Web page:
The Lexington Herald-Leader, Lexington, Ky., of 15 December featured banner headlines the width of the front page (10.5 inches) and 3.5 inches high concerning the fact that (gasp and three palpitations) there were some irregularities in the account concerning the awarding of the Congressional Medal of Honor to Kentucky Marine Sergeant Dakota Meyer recently by no less than the president. The paper devoted 3.5 full pages in the First Section to the account, prepared by Jonathan Landay, a writer employed by the McClatchy organization, owner of the newspaper, who was embedded in the military unit in which Meyer saw action.
Granted that McClatchy, as well as the Knight-Ridder outfit from which it bought the paper a few years ago, occupies the left-lunatic fringe of the liberal establishment and would naturally turn a jaundiced eye on anything military, this still seemed a bit like overkill. Four people, each standing on a different corner of an intersection, would look at the same auto accident on a calm, cloudless day and come forth with four different accounts. McClatchy apparently believes that in a lengthy firefight involving multiple deaths and wounded everyone involved should recount exactly, precisely, unmistakably, and completely accurately every single thing that happened.
There were, as might be expected, some discrepancies in the accounts concerning the action, but the notion that Landay, who obviously had an agenda, should be taken more seriously than anyone else is laughable. The account deserved a significant mention, not an outright effort (including maps and huge pictures) to virtually demonize Meyer, who certainly did not request consideration for a medal. He was nominated, as per protocol, by his commanding officer. Landay, a civilian the troops had to be bothered with protecting instead of focusing entirely on keeping themselves and their comrades alive, predictably said Meyer deserved the medal, as if anyone should care what he thought. In the online McClatchy bio of Landay, there is no mention that he has had any military experience.
In April 2007, Landay appeared on the PBS leftist corner known as Bill Moyers Journal to condemn directly the mainstream media’s mishandling of its reporting of the Iraqi war as alleged by them and, indirectly, the Bush administration. Dan Rather, famous (actually, infamous) for perpetrating the fraud concerning George Bush and the Texas Air National Guard in 2004, also appeared on the program, so the Landay/McClatchy bias is obvious. Nobody gets farther left than Moyers or more unsusceptible to belief than Rather.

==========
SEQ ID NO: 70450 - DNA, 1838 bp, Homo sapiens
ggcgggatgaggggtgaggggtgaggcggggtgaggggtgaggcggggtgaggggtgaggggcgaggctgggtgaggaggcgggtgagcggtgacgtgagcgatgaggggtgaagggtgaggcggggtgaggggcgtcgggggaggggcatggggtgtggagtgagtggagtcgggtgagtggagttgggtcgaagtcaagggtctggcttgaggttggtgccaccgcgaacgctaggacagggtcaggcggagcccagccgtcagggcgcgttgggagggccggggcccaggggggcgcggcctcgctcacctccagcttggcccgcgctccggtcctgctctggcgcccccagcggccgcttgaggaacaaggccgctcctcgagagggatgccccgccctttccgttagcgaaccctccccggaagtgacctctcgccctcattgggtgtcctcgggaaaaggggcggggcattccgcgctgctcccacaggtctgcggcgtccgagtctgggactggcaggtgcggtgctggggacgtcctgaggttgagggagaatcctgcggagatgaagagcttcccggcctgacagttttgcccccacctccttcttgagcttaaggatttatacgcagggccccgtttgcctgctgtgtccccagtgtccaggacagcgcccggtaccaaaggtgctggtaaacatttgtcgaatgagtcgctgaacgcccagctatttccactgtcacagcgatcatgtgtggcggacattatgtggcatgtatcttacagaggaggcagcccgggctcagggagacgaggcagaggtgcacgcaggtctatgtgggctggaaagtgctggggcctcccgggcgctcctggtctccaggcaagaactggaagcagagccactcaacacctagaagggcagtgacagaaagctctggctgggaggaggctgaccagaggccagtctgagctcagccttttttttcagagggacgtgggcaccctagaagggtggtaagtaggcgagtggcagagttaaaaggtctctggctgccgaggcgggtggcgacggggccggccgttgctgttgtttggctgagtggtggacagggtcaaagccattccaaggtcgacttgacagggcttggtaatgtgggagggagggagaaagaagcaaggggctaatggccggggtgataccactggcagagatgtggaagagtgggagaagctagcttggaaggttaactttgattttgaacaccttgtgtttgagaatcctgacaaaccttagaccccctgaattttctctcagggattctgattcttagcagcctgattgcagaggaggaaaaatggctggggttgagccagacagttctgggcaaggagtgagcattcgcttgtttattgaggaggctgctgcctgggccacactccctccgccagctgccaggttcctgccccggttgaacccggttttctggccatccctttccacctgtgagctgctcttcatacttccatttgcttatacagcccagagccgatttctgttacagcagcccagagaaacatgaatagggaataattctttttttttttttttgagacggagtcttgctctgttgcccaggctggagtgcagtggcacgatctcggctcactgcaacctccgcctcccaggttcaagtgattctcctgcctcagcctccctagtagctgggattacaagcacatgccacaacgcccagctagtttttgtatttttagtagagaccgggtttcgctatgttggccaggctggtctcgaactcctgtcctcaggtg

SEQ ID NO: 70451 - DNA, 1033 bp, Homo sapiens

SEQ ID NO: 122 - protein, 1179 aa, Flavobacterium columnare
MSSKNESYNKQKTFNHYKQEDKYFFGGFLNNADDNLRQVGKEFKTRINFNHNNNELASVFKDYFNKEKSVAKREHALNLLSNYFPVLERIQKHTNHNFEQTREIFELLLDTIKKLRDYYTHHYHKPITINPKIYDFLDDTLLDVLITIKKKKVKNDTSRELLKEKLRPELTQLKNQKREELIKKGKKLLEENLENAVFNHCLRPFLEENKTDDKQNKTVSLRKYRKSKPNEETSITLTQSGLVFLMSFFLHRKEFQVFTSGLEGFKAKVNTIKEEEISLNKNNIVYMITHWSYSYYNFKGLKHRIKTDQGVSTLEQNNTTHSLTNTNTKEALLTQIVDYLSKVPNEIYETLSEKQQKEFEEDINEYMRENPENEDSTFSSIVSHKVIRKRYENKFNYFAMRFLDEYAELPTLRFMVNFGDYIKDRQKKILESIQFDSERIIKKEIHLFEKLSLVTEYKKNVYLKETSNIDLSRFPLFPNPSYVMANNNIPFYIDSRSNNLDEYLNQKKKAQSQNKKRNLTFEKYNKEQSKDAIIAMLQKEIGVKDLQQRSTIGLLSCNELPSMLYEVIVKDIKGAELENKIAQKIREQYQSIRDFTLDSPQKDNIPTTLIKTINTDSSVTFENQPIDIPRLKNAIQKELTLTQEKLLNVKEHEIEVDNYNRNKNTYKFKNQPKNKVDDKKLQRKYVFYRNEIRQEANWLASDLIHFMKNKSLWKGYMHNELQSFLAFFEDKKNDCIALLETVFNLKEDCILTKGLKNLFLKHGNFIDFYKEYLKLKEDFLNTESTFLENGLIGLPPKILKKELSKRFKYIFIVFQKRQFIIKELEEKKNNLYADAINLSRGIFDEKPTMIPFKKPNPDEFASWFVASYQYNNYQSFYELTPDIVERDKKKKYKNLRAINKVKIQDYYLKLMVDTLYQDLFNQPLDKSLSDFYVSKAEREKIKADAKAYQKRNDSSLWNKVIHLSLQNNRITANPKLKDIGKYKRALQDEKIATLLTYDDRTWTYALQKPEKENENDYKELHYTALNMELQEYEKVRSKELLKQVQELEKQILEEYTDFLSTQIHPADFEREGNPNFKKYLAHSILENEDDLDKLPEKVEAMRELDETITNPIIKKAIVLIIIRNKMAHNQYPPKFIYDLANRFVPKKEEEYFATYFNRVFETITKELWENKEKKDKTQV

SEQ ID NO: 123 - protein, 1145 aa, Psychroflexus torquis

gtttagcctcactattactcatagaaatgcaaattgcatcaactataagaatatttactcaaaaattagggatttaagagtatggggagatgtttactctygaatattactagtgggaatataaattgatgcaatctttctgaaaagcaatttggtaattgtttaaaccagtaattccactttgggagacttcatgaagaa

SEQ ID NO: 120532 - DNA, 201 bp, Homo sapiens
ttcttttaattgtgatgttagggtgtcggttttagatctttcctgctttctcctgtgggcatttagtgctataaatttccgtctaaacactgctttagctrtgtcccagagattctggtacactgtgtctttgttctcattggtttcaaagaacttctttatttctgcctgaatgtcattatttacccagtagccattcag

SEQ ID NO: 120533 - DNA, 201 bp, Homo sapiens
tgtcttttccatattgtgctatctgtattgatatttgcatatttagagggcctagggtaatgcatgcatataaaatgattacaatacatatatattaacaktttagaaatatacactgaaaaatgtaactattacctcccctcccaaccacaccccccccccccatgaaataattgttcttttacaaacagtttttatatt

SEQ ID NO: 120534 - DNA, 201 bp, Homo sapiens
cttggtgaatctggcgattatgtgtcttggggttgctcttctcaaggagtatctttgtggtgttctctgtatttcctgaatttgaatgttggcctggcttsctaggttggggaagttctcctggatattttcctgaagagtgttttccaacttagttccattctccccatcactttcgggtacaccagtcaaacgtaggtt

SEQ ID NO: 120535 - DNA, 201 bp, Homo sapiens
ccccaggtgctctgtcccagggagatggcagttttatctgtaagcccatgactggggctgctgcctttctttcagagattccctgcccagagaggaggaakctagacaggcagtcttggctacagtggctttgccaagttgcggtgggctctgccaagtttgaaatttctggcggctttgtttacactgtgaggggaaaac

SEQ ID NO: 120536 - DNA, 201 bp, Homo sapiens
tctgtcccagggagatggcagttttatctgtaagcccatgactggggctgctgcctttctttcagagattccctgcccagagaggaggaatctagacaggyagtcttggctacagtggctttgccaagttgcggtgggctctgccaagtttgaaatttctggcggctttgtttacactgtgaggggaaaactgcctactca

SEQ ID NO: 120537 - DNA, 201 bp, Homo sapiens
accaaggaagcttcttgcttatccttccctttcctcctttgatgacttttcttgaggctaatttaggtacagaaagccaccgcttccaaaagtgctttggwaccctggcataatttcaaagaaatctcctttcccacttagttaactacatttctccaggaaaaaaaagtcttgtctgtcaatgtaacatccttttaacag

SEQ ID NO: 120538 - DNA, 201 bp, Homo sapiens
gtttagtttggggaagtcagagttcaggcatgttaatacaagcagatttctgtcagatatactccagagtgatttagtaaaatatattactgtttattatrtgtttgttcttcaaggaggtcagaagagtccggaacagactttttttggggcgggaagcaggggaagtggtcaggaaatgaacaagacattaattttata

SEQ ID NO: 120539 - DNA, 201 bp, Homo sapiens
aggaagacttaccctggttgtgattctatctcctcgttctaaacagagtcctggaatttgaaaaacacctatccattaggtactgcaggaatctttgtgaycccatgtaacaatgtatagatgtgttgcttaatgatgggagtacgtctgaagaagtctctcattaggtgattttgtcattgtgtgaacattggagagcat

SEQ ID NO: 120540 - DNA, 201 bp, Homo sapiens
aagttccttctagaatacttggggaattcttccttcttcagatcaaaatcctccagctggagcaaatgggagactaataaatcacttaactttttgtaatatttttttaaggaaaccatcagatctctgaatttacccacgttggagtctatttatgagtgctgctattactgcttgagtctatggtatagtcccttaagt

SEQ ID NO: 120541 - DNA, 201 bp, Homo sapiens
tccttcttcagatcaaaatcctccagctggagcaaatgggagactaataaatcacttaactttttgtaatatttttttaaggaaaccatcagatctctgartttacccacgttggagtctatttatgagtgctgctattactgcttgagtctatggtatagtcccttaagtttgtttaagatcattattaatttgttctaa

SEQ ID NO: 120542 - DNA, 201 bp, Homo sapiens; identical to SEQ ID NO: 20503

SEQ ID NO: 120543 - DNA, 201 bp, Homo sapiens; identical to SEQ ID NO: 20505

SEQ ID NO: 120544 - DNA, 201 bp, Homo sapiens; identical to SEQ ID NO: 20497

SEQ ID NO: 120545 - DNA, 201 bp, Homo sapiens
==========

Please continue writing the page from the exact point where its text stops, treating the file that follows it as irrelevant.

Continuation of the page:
As for the current matter, expect editorial comment in the coming days to the effect that war is bad, shouldn’t happen, volunteers can expect to be killed and that not even a scintilla of discrepancy should ever infiltrate a government document or action, never mind that the paper has to do its share of corrections. Also expect an editorial concerning the near-majestic actions of the president in getting the troops out of Iraq, notwithstanding that he only fulfilled the plans put into place before he became president. After all, his Nobel Peace Prize, awarded after only a few months in the presidency during which he began his worldwide apology efforts, places him on a level that’s nearly otherworldly.
As for the H-L, it has a built-in proclivity for hatchet jobs on entities it doesn’t like and has shown in the past just how seriously it takes this important responsibility. For instance, it didn’t like the idea that Southland Christian Church, probably the second largest church in the state, didn’t hold services on Christmas Day in 2005, and castigated the congregation royally. There was a darker underlying element at work, however, i.e., that Southland represented to the paper the Christian mindset, which is anathema to the “enlightened,” notably those in the editorial department and the “mainstream media” in general.
Or take the “University of the Cumberlands Affair” of March 2006. On seven days of a nine-day period, the paper made the expulsion of a homosexual student who “outed” himself on the Internet just three weeks before the end of the semester, front-page-above-the-fold stuff, positioned in the area devoted to the most important news of the world. This says something about the managerial mentality and professionalism attached to this publication. The school was simply carrying out a school policy, which also meant expulsion for known adultery and fornication.
In addition to the huge front-page segments, pictures, and headlines, the paper dedicated a huge plethora of columns and pictures to the subject on its interior pages, all in the front (A) “news, editorial, op-ed” section. In the process, it furnished free-of-charge in the supposed “news accounts” the information that a protest drawing people from all over the state would be held at UC, Williamsburg, Ky.
In the TV news accounts of that “protest effort,” there seemed to be more interviews with law enforcement people, standing around sort of slack-jawed and obviously wondering why they were there, than with the participants. The paper said “about 50” showed up in a state with a population of about 4.2 million, so there might have been 35-40 actual participants. There were 1,700 students at the school, so it might be correctly assumed that their apathy was evident. They knew and subscribed to the rules.
The question remains, even allowing for the paper’s mindset: Why such an inordinate hatchet-job on Meyer? In each of the matters mentioned above, the paper showed a mean-spiritedness hard to understand but endemic to “liberal thought” in most any area.